Want to give the gift of financial literacy to a loved one this Christmas?
We have a few stocking stuffer ideas, following the just-completed Financial Literacy Month in Canada. Throughout November, there were lots of articles out there on the importance of financial literacy and even more opinions about how to improve it.
Some argue for it to be taught in schools: aren’t our schools stretched enough for resources as it is? Some say parents should make it a priority to teach their children about money but many parents struggle with money concepts themselves and “do as I say, not as I do” isn’t always convincing. Many argue very credibly that the financial services industry in Canada generally works to separate people from their money rather than to educate them about how to best grow their money.
We’re not sure what the answer is but agree it’s an important subject. If you’ve already read David Chilton’s The Wealthy Barber and are ready to move on to the next step, here are a few investment books that are sensible and concise.
*We first published this list in February 2015 and have received positive feedback!
1) The Investment Answer – Daniel Goldie and Gordon S. Murray – 2011
“What if there were a way to cut through all the financial mumbo-jumbo? Wouldn’t it be great if someone could really explain to us–in plain and simple English–the basics we must know about investing in order to insure our financial freedom? At last, here’s good news. Jargon-free and written for all investors–experienced, beginner, and everyone in between–The Investment Answer distills the process into just five decisions–five straightforward choices that can lead to safe and sound ways to manage your money.”
2) The Little Book of Common Sense Investing: The Only Way to Guarantee Your Fair Share of Stock Market Returns – John C. Bogle – 2007
“Investing is all about common sense. Owning a diversified portfolio of stocks and holding it for the long term is a winner’s game. Trying to beat the stock market is theoretically a zero-sum game (for every winner, there must be a loser), but after the substantial costs of investing are deducted, it becomes a loser’s game. Common sense tells us-and history confirms-that the simplest and most efficient investment strategy is to buy and hold all of the nation’s publicly held businesses at very low cost. The classic index fund that owns this market portfolio is the only investment that guarantees you with your fair share of stock market returns. To learn how to make index investing work for you, there’s no better mentor than legendary mutual fund industry veteran John C. Bogle.”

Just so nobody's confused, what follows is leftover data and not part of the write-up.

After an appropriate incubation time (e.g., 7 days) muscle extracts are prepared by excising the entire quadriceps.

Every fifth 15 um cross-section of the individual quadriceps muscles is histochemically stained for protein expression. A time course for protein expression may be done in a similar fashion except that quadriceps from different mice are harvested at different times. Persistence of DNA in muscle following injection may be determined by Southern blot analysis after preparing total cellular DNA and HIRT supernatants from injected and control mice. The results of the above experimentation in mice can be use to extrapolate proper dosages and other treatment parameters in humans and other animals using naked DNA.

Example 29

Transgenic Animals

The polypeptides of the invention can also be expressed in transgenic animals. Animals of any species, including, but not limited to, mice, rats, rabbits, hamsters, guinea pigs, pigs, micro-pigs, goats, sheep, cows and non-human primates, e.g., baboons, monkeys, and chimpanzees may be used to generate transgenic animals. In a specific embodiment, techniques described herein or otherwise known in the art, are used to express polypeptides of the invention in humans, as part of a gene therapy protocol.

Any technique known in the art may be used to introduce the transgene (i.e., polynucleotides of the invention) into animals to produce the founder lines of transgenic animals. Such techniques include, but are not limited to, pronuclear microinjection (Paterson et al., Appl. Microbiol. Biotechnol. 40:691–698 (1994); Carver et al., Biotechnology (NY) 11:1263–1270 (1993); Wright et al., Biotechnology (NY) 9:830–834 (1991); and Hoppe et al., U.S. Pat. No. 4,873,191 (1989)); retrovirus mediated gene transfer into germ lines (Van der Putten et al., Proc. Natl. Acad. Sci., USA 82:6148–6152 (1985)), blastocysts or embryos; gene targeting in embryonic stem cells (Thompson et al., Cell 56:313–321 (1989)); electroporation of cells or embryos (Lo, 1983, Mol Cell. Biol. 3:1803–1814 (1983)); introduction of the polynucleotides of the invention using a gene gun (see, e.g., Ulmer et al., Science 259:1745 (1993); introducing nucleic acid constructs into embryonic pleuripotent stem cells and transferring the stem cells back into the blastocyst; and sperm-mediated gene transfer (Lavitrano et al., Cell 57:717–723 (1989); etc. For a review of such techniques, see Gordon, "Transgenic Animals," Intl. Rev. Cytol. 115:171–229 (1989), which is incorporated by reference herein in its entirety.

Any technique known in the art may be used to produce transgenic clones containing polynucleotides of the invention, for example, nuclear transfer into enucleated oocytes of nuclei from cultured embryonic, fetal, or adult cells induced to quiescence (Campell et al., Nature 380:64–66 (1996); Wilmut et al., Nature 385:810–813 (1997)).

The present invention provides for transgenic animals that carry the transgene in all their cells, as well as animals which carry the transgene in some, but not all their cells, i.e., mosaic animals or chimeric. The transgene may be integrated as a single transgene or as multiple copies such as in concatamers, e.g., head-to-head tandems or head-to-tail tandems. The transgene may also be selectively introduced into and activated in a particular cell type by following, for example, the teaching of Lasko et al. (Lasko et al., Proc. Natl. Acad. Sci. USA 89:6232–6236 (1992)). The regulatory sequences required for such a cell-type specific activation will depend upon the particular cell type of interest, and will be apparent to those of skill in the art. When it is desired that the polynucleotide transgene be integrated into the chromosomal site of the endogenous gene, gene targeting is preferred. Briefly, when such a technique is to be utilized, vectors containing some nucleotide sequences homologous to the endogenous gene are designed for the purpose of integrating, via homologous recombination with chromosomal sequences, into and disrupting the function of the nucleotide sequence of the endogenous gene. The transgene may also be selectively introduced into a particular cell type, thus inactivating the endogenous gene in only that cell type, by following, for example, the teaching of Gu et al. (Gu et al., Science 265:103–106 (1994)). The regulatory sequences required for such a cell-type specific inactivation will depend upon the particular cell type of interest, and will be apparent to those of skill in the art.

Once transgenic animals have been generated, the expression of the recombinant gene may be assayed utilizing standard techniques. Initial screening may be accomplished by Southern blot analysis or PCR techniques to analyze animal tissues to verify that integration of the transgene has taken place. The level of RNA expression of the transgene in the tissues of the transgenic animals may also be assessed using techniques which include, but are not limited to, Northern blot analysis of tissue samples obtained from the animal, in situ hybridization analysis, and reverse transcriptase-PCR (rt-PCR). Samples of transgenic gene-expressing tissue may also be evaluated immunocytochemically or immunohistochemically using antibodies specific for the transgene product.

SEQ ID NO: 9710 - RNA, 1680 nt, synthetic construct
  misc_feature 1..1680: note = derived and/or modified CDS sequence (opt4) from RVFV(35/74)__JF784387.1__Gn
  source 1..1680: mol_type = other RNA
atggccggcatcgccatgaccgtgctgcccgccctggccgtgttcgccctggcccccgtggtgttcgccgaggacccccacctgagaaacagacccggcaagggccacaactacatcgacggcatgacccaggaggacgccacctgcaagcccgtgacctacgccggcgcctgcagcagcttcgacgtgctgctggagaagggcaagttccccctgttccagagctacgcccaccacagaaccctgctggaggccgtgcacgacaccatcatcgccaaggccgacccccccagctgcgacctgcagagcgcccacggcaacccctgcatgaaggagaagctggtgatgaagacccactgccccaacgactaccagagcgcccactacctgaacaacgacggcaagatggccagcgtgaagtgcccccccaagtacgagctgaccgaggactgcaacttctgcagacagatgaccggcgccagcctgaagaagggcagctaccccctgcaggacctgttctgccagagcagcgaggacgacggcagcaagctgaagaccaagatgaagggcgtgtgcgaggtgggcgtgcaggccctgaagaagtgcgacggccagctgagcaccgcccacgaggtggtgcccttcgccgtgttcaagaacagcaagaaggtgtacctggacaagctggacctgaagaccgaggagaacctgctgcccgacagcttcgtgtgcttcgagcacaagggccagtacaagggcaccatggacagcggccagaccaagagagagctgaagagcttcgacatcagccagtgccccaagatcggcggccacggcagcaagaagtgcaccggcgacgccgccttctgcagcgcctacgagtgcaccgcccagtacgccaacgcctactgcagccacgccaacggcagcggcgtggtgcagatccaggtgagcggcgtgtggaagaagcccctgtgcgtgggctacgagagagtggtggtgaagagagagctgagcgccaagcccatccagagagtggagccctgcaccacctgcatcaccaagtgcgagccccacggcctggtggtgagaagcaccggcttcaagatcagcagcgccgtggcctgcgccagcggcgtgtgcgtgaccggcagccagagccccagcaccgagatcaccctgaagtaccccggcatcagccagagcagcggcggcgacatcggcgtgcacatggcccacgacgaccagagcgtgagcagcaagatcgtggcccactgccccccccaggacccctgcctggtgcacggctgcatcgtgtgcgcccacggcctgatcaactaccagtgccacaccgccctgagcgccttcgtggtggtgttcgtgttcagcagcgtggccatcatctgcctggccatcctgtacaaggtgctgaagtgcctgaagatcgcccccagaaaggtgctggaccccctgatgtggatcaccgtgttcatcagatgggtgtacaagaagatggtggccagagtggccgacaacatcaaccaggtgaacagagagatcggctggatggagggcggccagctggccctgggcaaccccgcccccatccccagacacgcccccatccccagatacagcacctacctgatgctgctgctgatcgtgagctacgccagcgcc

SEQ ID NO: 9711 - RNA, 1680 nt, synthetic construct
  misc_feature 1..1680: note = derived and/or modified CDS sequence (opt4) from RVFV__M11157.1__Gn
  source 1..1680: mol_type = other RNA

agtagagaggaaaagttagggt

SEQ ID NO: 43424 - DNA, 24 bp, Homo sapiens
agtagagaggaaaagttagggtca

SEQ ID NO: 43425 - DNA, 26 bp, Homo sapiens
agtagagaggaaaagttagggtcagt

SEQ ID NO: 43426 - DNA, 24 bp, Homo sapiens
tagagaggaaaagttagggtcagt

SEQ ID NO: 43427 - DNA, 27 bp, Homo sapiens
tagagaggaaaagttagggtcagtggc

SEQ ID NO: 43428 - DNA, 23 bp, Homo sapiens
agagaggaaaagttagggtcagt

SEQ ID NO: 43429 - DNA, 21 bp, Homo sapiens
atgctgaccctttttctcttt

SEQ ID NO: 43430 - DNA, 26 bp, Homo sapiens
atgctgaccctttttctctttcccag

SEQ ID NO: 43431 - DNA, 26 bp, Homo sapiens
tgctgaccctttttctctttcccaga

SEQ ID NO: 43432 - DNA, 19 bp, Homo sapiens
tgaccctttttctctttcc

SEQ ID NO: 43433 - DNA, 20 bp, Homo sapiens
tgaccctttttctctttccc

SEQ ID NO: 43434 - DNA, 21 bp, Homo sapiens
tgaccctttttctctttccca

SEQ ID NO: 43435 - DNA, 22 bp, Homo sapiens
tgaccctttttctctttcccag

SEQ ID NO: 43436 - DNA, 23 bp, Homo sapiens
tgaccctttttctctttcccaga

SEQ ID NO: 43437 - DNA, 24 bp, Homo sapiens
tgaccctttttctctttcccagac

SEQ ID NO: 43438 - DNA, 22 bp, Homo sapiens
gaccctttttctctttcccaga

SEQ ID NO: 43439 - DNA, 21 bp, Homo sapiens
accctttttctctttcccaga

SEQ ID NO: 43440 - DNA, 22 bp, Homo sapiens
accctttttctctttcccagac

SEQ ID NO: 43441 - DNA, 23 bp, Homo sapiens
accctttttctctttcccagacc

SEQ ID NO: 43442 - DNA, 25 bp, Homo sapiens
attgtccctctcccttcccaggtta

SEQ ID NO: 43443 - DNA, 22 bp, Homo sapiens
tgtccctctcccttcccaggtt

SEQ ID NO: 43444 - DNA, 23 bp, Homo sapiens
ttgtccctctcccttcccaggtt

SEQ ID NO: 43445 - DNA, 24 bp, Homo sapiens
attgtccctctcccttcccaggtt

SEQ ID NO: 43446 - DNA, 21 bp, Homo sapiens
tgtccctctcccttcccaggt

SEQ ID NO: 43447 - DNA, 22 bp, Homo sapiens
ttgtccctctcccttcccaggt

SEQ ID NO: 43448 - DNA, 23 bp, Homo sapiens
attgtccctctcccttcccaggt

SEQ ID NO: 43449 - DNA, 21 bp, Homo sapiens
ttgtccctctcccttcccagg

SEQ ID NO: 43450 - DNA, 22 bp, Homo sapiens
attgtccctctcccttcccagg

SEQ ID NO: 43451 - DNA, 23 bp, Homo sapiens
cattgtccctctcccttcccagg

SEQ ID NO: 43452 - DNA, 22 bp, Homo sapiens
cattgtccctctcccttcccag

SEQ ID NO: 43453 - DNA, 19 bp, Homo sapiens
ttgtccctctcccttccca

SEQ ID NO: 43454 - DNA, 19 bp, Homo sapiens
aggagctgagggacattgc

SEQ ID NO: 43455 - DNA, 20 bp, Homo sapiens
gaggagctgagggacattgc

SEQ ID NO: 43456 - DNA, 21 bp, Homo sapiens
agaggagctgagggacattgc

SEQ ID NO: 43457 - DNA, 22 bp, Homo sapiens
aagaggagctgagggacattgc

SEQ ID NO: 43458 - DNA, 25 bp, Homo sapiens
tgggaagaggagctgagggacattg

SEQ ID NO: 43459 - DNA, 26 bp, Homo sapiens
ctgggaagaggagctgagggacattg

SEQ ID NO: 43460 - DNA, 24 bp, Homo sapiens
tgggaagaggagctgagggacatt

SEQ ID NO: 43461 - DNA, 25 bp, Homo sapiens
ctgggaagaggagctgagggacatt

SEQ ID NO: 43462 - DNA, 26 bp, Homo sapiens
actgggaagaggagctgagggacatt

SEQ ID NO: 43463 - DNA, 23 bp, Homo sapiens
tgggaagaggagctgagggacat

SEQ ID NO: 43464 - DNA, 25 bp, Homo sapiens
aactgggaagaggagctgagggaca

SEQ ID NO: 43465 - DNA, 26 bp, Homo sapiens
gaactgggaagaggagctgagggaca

3) The Empowered Investor: A Canadian Guide to Building a Better Investment Experience – Keith Matthews – 2013
“With The Empowered Investor: A Canadian Guide to Building a Better Investment Experience, author and advisor Keith Matthews answers the call for a clear, intelligent guide for Canadians looking to invest wisely. Dispensing with jargon and hype, The Empowered Investor is an easy-to-read finance and portfolio management book that offers a down-to-earth treatment of a complex subject with an accessible style that will appeal to novices and experts alike.”
4) Exchange Traded Funds for Canadians for Dummies – Russell Wild and Bryan Borzykowski – 2013
“The fast and easy way for Canadians to understand and invest in ETFs – Exchange-traded funds (ETFs) are an increasingly popular part of the investing landscape, being less volatile than individual stocks, cheaper than most mutual funds, and subject to minimal taxation. But how do you use this financial product to diversify your investments in today’s ever-changing market?
Exchange-Traded Funds For Canadians For Dummies shows you in plain English how to weigh your options and pick the ETF that’s right for you. It tells Canadian investors everything you need to know about building a lean, mean portfolio and optimizing your profits. Plus, the book covers all of the newest ETF products, providers, and strategies, as well as Commodity ETFs, Style ETFs, Country ETFs, and Inverse ETFs. The only book on the market catering specifically to Canadian investors.”
5 more suggestions
Editor’s Note: For a list of 5 more financial book suggestions, read this article from Saturday’s Financial Post: Here’s a look back at some of the best personal finance and economics books of 2016.